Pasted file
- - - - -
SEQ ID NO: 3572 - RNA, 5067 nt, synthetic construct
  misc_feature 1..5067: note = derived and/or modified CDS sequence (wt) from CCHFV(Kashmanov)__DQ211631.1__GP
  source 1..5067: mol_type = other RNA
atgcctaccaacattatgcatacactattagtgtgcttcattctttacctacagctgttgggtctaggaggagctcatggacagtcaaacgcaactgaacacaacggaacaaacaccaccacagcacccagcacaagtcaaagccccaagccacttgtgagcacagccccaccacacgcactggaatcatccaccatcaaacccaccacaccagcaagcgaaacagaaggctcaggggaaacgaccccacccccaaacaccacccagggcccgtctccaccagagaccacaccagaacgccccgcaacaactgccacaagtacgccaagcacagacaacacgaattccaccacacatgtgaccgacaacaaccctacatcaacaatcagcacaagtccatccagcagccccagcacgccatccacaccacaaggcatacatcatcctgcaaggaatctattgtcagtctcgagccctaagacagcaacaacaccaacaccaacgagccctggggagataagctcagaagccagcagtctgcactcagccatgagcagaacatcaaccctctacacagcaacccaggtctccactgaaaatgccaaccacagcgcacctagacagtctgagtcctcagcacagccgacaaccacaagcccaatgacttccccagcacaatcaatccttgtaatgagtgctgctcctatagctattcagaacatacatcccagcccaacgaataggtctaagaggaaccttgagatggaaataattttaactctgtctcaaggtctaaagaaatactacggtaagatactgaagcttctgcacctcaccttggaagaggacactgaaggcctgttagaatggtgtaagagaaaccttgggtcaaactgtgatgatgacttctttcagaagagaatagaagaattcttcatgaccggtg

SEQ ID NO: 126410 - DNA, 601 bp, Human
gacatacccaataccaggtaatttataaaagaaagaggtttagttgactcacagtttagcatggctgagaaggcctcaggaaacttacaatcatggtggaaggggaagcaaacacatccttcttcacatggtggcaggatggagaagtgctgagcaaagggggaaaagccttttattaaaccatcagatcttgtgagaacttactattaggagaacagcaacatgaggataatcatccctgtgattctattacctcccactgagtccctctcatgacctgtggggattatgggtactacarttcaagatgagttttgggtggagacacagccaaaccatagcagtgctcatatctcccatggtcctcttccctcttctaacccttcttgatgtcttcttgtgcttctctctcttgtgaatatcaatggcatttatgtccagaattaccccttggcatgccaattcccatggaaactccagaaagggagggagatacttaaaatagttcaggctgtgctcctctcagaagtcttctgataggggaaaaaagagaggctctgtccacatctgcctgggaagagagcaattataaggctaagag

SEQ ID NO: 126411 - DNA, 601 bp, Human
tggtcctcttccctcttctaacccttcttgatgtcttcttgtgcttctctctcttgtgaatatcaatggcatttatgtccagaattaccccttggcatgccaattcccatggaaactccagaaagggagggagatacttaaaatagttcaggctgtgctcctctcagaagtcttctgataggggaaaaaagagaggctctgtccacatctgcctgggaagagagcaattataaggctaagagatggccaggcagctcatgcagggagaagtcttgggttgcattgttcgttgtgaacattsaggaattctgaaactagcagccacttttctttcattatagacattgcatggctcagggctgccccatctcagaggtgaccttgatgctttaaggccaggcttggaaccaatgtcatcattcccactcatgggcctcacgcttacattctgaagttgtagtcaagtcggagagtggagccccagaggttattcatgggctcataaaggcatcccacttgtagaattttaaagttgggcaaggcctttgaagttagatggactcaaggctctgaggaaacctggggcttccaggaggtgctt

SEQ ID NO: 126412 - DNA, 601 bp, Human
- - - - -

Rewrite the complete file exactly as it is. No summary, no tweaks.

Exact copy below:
SEQ ID NO: 3572 - RNA, 5067 nt, synthetic construct
  misc_feature 1..5067: note = derived and/or modified CDS sequence (wt) from CCHFV(Kashmanov)__DQ211631.1__GP
  source 1..5067: mol_type = other RNA
atgcctaccaacattatgcatacactattagtgtgcttcattctttacctacagctgttgggtctaggaggagctcatggacagtcaaacgcaactgaacacaacggaacaaacaccaccacagcacccagcacaagtcaaagccccaagccacttgtgagcacagccccaccacacgcactggaatcatccaccatcaaacccaccacaccagcaagcgaaacagaaggctcaggggaaacgaccccacccccaaacaccacccagggcccgtctccaccagagaccacaccagaacgccccgcaacaactgccacaagtacgccaagcacagacaacacgaattccaccacacatgtgaccgacaacaaccctacatcaacaatcagcacaagtccatccagcagccccagcacgccatccacaccacaaggcatacatcatcctgcaaggaatctattgtcagtctcgagccctaagacagcaacaacaccaacaccaacgagccctggggagataagctcagaagccagcagtctgcactcagccatgagcagaacatcaaccctctacacagcaacccaggtctccactgaaaatgccaaccacagcgcacctagacagtctgagtcctcagcacagccgacaaccacaagcccaatgacttccccagcacaatcaatccttgtaatgagtgctgctcctatagctattcagaacatacatcccagcccaacgaataggtctaagaggaaccttgagatggaaataattttaactctgtctcaaggtctaaagaaatactacggtaagatactgaagcttctgcacctcaccttggaagaggacactgaaggcctgttagaatggtgtaagagaaaccttgggtcaaactgtgatgatgacttctttcagaagagaatagaagaattcttcatgaccggtg

SEQ ID NO: 126410 - DNA, 601 bp, Human
gacatacccaataccaggtaatttataaaagaaagaggtttagttgactcacagtttagcatggctgagaaggcctcaggaaacttacaatcatggtggaaggggaagcaaacacatccttcttcacatggtggcaggatggagaagtgctgagcaaagggggaaaagccttttattaaaccatcagatcttgtgagaacttactattaggagaacagcaacatgaggataatcatccctgtgattctattacctcccactgagtccctctcatgacctgtggggattatgggtactacarttcaagatgagttttgggtggagacacagccaaaccatagcagtgctcatatctcccatggtcctcttccctcttctaacccttcttgatgtcttcttgtgcttctctctcttgtgaatatcaatggcatttatgtccagaattaccccttggcatgccaattcccatggaaactccagaaagggagggagatacttaaaatagttcaggctgtgctcctctcagaagtcttctgataggggaaaaaagagaggctctgtccacatctgcctgggaagagagcaattataaggctaagag

SEQ ID NO: 126411 - DNA, 601 bp, Human
tggtcctcttccctcttctaacccttcttgatgtcttcttgtgcttctctctcttgtgaatatcaatggcatttatgtccagaattaccccttggcatgccaattcccatggaaactccagaaagggagggagatacttaaaatagttcaggctgtgctcctctcagaagtcttctgataggggaaaaaagagaggctctgtccacatctgcctgggaagagagcaattataaggctaagagatggccaggcagctcatgcagggagaagtcttgggttgcattgttcgttgtgaacattsaggaattctgaaactagcagccacttttctttcattatagacattgcatggctcagggctgccccatctcagaggtgaccttgatgctttaaggccaggcttggaaccaatgtcatcattcccactcatgggcctcacgcttacattctgaagttgtagtcaagtcggagagtggagccccagaggttattcatgggctcataaaggcatcccacttgtagaattttaaagttgggcaaggcctttgaagttagatggactcaaggctctgaggaaacctggggcttccaggaggtgctt

SEQ ID NO: 126412 - DNA, 601 bp, Human